It’s a comedy: Romeo and Ethel, the Pirate’s daughter.

Posted on May 20, 2009. Filed under: Movies to see before you die, Reviews | Tags: , , , , , , , , , , , |

OK, this should be a quickie, since I have an exam tomorrow and am (clearly) not revising for it, but I wont be able to concentrate until I’ve blogged. (I think it’s becoming an obsession).

Last night a rediscovered a film I hadn’t seen in ages and I wanted to remind you all of it ‘cos I’m willing to bet most of you have forgotten about it too.  Depite the fact it won 7 Oscars.  In fact, the reason for me not watching it for so long was that I only have it on video…that was an old school experience.

The film in question is Shakespeare in Love.  It’s a brilliant movie, imagining how the great writer came up Romeo and Juliet based on his own experience as a star cross’d lover.  With an awesome ensemble cast featuring everyone from Ben Affleck to Geoffrey Rush via Martin Clunes the film is pretty much flawless; both funny and tragic (not unlike the play).  This was the film that gave Gwynnie her Oscar (I think she’s still crying) and also features a brilliant Joseph Fiennes-the far superior Fiennes brother but much overlooked in favour of his irritating brother Ralph (even more annoying because it’s pronounced “Rafe”).  Judi Dench won Best Supporting Actress for the film, all the more impressive since she’s on screen for less than fifteen minutes.  She’s just that good.  Not one member of the cast lets it down, and the (Oscar winning) writing is perfect.  The score (Stephen Warbeck) is also one of my favourites.

The juxtaposition between the on stage rehearsals and the writing process is brilliant, particularly when Fiennes recites Juliet’s lines to Paltrow’s Romeo.  And for Bard scholars (or just people like me who can recite a few Sonnets) the film is littered with references to  the other great works.  Keep an eye out for Sonnet 18, a definite Banquo’s ghost moment and of course, Twelfth Night.  Not to mention some nod’s to the Kit Marlow conspiracy and an appearance from a young (and disturbed) John Webster.

In Shakespeare in Love, you’re really getting two movies for the price of one, as most of the play is also seen.  While it may be a complete work of fiction, it’s beliveable enough that Shakespeare could have been inspried by a muse like Viola, particularly if he looked like Fiennes rather than the bald guy we’re used to.  Having recently watched Moulin Rouge, I have an idea where Baz Luhrmann’s inspiration came from, but as a plot device, having the writing and rehearsal of a play taking place simultaneously is really engaging.  The cast being so good, I always end up wanting to see their version of the great tragedy.  I have a feeling it’d be pretty awesome.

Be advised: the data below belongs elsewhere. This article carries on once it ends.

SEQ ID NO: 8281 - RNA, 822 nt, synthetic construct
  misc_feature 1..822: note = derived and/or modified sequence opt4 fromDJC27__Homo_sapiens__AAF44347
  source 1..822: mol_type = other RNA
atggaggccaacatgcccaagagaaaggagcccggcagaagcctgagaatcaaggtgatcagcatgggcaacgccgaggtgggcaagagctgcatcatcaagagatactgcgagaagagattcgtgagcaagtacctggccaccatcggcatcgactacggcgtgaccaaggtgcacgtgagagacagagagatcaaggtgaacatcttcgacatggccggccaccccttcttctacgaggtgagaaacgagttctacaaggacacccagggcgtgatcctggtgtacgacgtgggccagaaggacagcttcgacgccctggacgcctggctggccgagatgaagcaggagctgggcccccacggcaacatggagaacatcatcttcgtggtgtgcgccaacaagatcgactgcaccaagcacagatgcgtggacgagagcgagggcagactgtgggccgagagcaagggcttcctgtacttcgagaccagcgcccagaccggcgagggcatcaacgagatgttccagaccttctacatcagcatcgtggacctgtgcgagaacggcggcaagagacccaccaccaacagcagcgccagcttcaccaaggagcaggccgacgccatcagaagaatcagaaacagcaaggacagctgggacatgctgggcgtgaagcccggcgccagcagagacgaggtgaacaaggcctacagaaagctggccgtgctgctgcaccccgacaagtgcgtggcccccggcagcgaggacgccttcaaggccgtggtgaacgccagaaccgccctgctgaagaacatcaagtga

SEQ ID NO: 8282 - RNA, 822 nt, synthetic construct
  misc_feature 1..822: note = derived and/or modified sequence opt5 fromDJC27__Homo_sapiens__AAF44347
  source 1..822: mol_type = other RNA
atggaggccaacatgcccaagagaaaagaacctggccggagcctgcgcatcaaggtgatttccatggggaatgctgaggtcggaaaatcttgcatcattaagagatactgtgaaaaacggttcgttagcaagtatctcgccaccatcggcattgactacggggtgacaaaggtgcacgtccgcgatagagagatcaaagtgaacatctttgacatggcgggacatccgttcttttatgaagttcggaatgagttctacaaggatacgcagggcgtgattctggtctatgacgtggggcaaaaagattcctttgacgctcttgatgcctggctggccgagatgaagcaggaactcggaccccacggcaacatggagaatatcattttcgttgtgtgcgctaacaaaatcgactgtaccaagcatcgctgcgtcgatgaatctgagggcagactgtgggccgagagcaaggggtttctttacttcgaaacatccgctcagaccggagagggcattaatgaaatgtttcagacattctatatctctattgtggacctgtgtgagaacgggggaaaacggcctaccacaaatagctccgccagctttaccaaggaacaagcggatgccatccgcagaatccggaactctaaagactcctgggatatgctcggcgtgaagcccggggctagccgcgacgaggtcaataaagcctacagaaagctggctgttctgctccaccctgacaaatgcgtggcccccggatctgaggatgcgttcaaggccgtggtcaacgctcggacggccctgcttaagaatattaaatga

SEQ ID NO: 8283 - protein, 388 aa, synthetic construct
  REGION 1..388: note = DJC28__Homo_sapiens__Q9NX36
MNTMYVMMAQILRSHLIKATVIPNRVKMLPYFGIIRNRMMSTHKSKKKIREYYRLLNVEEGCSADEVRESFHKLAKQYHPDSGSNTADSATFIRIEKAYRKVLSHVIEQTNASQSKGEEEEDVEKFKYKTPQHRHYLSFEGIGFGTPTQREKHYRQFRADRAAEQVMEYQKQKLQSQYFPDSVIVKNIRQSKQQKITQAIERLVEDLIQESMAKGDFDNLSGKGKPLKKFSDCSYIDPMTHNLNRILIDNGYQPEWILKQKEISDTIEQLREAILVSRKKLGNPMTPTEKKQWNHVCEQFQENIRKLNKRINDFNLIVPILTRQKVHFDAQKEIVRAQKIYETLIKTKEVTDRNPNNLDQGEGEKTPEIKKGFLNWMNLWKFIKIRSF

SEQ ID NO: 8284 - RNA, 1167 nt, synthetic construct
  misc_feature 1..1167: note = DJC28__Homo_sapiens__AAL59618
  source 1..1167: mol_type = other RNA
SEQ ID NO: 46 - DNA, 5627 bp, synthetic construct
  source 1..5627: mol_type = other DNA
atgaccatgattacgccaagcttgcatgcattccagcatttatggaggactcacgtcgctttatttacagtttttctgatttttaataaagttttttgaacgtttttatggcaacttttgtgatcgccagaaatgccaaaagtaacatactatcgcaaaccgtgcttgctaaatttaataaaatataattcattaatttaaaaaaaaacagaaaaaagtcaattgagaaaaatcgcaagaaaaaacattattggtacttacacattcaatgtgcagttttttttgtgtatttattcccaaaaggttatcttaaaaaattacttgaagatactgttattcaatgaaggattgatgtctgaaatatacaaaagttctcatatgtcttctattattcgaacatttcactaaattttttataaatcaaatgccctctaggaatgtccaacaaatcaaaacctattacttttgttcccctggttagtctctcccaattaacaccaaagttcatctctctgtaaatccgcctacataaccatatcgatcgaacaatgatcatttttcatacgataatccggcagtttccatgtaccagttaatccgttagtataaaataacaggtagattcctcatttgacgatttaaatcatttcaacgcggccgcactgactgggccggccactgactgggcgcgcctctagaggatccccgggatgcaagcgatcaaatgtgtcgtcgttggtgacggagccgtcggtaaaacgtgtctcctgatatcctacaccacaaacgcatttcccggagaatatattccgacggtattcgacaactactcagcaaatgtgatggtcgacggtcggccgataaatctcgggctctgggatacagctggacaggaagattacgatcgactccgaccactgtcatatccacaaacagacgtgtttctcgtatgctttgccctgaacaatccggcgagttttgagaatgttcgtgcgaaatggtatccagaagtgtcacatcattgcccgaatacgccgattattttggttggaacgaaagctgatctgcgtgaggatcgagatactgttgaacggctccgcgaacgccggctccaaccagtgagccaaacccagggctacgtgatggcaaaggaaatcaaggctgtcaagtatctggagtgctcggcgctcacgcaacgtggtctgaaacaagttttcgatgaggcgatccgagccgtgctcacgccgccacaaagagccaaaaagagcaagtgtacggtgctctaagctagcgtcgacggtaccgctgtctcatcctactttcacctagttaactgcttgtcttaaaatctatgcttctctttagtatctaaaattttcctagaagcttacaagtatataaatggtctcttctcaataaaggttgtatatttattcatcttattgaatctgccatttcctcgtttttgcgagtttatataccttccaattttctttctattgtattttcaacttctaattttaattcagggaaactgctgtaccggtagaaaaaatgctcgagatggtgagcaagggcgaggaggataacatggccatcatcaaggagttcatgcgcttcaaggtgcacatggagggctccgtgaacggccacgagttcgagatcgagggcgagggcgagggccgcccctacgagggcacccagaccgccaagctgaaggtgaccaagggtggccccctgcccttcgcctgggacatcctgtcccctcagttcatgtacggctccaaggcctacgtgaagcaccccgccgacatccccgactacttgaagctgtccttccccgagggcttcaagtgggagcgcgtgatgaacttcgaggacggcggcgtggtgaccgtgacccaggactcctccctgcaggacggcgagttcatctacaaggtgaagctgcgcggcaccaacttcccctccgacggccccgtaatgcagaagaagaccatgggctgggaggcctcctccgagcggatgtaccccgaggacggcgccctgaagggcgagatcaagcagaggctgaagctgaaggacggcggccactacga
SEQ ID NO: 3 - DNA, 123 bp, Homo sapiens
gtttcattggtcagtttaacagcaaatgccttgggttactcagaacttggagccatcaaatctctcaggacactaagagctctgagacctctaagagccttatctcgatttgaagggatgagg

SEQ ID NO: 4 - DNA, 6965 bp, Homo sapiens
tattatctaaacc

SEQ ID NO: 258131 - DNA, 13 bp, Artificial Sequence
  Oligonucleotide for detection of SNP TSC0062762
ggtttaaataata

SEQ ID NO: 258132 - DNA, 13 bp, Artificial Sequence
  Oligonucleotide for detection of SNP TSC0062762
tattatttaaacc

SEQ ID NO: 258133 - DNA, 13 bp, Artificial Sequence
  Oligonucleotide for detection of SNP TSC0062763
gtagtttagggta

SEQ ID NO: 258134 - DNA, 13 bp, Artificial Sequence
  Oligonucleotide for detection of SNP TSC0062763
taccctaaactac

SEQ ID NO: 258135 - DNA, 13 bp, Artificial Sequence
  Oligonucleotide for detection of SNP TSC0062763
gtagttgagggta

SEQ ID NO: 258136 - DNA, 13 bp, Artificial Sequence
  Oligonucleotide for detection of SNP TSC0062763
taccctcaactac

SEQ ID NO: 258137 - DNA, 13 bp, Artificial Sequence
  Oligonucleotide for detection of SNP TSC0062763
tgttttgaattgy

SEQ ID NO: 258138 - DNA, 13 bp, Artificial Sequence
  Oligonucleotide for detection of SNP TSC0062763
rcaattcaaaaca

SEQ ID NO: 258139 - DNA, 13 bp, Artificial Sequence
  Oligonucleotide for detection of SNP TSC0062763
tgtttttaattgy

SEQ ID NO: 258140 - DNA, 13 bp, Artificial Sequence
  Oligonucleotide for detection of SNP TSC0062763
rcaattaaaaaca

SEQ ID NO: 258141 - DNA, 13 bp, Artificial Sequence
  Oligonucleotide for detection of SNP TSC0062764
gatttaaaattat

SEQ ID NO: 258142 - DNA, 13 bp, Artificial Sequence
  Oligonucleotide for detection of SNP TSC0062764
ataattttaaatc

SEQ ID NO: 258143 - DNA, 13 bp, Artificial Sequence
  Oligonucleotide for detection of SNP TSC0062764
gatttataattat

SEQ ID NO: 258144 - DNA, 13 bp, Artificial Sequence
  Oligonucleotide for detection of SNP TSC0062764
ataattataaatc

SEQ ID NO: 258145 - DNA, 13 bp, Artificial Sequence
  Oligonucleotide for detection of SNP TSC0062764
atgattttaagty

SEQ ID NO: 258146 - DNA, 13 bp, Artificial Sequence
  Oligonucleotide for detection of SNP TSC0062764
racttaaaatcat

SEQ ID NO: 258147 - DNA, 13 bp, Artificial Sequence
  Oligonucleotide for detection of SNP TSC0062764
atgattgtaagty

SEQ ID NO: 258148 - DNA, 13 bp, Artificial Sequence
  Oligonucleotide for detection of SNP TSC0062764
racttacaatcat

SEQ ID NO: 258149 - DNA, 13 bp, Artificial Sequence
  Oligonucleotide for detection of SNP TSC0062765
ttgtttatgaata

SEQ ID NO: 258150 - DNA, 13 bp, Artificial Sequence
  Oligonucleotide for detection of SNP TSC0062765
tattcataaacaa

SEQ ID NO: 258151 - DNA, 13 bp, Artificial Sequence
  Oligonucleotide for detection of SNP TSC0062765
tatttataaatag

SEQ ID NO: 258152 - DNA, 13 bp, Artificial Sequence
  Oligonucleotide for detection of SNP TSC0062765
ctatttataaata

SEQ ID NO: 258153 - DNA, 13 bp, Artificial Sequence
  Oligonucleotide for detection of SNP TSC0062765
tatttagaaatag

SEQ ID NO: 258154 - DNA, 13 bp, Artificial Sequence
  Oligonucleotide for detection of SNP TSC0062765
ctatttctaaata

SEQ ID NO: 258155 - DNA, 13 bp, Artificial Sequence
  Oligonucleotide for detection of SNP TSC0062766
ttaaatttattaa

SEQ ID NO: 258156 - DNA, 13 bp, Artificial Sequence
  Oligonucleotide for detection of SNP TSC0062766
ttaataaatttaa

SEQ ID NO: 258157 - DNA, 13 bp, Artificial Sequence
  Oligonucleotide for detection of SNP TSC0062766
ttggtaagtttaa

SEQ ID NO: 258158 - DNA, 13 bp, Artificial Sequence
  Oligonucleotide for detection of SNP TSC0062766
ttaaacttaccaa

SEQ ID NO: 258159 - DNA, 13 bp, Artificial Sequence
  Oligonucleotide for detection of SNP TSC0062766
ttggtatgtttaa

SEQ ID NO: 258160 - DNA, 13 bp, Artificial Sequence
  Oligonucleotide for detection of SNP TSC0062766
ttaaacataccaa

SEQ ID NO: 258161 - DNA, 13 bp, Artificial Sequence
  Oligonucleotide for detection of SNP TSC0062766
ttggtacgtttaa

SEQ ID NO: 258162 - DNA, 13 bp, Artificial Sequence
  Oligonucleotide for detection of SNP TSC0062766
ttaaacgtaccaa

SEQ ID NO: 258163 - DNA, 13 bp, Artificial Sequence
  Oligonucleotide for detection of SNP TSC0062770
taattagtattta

Hmmm....who do we prefer....?

You may well have seen it before, but if you haven’t I defintely recommend it.  In fact, I’m keeping my eye out for a DVD  so that next time I watch it the picture isn’t a bit wobbly (I’d forgotten the dodgyness of the old VHS).  It helps that Romeo and Juliet is my favourite play, but even if you hate Shakespeare I defy you to dislike this film.

Right…revision….really…

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5 Responses to “It’s a comedy: Romeo and Ethel, the Pirate’s daughter.”

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“Shakespeare in Love” is one of the few romantic comedies I’ll cop (in mixed company) to liking. How it did not make Joseph Fiennes a bigger star than he is I don’t know, because he found just the right mix of humor and longing. It probably helps that Tom Stoppard had a hand in writing the screenplay, and the cast is a dream — where else can you find Geoffrey Rush, Dame Judi Dench and Ben Affleck in ONE movie? Definitely a classic.

M. Carter at the Movies

You’re right about Fiennes, I was expecting him to be the next big thing but he seemed to vanish 😦
The cast is awesome, no one is weak.

Great film. Did it deserve to beat Saving Private Ryan? I don’t think so, but I can see why it did. Good review, thanks for checking mine out Katie!

No worries, thanks for returning the favour. I’ve only seen the infamous first half hour of Private Ryan so I can’t really judge, but I definitely think it’s an oscar worthy film, it just had a lot of stiff competion

R&J is definitely one of my favorite Shakespeare plays.
I have probably watched ‘Shakespeare in Love’ a dozen times. Never grow tired of it.

Top three for me remain, however Hamlet, Macbeth, and Lear.
For Hamlet movies, I prefer Zeffirelli For Macbeth Polanski. For Lear, Olivier.

Thanks for sharing.
Great post on a great movie.


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